The interactive evidence map provides a visual interface for efficient and effective review of the coded evidence base. The map displays the number of identified sources exploring Technical Assistance Interventions in the MENA region, against a set of pre-defined attributes. A more detailed understanding of the scope of the evidence mapping exercise can be found in the supporting Narrative Report.

The evidence map provides an immediate visual understanding of the abundance and scarcity of evidence against select thematic areas; alongside a set of pre-defined intervention output and outcome categories. It is also possible to further filter the evidence display by country. Red circles indicate a low volume of sources in a particular area; orange circles indicate a medium volume; while green circles indicate a high volume of sources. Also, it is useful to note that the colour system has been set in such a way as to make the map eminently useful, as opposed to mathematically or statistically rigorous. As such, the number of sources indicated by each colour is as follows: <10 = red, <30 = orange, =/>30 = green.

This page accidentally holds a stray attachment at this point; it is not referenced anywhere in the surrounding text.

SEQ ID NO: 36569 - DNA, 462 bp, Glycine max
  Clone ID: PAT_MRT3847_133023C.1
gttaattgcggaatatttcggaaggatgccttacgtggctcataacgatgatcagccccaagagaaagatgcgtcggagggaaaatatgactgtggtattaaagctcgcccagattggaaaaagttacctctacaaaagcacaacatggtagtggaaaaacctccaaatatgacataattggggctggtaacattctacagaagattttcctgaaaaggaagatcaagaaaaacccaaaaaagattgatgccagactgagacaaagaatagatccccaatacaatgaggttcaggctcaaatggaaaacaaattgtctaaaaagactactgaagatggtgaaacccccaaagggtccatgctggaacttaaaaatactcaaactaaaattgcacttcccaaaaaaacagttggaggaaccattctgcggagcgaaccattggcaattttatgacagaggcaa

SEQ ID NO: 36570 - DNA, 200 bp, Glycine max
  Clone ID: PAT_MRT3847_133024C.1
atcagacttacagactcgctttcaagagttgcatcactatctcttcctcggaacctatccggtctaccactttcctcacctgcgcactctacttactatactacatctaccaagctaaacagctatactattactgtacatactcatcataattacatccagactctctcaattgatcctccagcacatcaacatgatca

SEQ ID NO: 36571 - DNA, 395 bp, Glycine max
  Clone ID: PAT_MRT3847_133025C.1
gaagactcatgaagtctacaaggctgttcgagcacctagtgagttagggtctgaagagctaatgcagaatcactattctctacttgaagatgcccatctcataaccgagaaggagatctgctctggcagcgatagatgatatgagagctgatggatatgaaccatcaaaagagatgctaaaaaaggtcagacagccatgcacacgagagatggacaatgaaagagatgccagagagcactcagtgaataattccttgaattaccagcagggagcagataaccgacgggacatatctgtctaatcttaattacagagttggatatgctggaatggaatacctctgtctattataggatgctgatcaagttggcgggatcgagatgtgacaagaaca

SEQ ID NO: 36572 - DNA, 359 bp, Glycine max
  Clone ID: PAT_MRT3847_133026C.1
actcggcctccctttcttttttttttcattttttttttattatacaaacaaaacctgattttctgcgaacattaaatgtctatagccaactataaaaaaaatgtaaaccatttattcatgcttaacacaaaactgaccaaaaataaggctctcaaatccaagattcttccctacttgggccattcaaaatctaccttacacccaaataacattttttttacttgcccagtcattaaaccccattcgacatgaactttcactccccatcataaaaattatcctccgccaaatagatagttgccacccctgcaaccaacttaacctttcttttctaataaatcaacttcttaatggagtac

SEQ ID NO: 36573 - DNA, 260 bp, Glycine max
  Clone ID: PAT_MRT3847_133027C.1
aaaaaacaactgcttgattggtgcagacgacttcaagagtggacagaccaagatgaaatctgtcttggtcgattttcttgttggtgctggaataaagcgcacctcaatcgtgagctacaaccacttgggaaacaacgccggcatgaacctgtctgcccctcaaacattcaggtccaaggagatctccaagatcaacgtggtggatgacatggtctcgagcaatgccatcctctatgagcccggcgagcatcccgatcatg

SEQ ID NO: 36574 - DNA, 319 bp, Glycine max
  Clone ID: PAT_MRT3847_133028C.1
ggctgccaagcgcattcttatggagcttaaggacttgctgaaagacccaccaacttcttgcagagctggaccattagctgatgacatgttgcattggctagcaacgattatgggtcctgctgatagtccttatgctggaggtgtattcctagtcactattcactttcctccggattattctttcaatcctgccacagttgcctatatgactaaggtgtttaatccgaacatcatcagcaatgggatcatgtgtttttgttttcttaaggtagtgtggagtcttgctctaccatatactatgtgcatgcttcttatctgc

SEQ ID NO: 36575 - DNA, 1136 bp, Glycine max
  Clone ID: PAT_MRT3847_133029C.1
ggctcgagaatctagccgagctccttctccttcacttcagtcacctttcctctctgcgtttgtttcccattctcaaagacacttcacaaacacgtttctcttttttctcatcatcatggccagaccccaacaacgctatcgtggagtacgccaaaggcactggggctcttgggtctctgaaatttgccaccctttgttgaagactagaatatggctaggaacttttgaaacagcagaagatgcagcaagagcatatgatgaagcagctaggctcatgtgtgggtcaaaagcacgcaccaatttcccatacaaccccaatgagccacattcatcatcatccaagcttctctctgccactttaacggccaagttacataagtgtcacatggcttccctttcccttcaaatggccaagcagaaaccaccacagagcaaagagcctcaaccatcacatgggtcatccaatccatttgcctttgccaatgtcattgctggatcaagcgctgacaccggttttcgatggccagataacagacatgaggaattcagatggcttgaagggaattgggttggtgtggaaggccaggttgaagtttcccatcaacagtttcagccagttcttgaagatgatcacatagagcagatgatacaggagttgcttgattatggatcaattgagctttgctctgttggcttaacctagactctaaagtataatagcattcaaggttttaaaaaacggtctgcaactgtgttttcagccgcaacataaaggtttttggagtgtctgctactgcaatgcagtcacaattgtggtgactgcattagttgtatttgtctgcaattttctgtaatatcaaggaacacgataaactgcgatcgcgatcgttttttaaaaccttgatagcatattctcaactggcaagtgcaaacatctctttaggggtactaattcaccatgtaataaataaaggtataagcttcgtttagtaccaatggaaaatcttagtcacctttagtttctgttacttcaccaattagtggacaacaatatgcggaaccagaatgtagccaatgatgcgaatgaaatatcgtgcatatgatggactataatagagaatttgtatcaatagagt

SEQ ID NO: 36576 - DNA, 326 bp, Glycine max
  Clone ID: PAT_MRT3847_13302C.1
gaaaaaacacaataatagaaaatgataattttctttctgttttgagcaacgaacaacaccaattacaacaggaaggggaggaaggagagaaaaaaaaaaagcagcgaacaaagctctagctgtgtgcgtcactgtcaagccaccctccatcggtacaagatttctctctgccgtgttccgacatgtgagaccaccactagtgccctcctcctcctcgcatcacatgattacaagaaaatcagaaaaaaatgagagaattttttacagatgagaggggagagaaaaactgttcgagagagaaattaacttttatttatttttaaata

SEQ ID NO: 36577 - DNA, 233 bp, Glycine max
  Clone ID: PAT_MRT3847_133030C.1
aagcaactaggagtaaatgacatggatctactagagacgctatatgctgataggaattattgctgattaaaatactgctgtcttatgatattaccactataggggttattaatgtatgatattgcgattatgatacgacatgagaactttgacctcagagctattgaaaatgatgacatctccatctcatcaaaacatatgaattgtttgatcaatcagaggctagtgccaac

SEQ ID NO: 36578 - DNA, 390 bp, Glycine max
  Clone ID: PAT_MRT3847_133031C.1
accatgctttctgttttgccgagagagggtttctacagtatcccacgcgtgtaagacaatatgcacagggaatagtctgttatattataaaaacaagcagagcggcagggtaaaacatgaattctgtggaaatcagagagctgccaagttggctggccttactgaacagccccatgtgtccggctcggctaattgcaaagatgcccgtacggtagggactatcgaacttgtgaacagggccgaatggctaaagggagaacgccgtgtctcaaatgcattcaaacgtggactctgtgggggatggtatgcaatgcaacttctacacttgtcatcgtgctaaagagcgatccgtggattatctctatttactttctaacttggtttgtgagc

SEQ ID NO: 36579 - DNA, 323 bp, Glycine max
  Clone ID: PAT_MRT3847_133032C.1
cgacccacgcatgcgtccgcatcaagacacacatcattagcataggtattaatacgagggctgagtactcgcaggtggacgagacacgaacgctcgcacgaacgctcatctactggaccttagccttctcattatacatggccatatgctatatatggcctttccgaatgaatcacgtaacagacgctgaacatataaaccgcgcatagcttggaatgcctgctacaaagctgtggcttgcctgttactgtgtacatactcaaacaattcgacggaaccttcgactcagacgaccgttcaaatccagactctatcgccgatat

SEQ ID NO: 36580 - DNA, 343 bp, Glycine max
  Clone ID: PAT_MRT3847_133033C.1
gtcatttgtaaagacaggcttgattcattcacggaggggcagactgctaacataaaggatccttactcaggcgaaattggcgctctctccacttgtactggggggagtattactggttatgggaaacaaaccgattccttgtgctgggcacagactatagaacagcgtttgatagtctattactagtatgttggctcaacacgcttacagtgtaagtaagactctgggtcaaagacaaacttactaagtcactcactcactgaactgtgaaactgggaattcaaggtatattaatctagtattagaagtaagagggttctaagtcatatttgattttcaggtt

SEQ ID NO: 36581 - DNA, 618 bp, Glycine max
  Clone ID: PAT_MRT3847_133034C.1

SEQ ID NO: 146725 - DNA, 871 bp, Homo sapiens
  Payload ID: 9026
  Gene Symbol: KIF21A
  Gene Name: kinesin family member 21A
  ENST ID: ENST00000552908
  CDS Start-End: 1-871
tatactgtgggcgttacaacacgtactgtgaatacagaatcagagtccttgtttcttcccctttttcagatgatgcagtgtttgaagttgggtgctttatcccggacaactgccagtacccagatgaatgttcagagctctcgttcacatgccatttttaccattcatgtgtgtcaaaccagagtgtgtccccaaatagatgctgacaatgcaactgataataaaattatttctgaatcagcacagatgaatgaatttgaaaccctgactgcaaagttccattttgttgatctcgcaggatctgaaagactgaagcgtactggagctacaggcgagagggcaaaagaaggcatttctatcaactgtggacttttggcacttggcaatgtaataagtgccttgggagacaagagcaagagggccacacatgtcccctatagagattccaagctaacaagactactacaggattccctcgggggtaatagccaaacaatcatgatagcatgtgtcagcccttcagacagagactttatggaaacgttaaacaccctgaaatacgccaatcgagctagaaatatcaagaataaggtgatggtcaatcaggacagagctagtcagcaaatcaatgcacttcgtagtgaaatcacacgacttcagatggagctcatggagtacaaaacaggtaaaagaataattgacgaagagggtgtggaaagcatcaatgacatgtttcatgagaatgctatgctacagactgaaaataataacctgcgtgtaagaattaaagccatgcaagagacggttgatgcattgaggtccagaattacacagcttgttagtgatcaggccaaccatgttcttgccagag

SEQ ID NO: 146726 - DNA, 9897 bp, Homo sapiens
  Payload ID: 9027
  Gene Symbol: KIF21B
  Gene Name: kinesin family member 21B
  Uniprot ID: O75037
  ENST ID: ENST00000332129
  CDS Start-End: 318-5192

It is further possible to view a full list of coded sources within a specific table cell by clicking on the coloured circle within. Once selected, the tool will provide a modal pop-up displaying an alphabetised list of studies. Additionally, top-level data on an individual study is accessed by clicking on the source title or the small accordion arrow to the right of the title listing. This then swaps out the content within the modal pop-up screen to display the following study attributes: Title; Year of publication; Authors; Country focus; Publisher; Abstract; and a hyperlink to the coded study. On closing this secondary modal pop-up screen (by clicking the 'x' on the right of the dark grey header strip) the original modal list will reappear.

In essence, the evidence map offers a comparative overview of interventions and outputs/outcomes – packaged in an easily accessible illustration, detailing the volume of available studies and their key characteristics.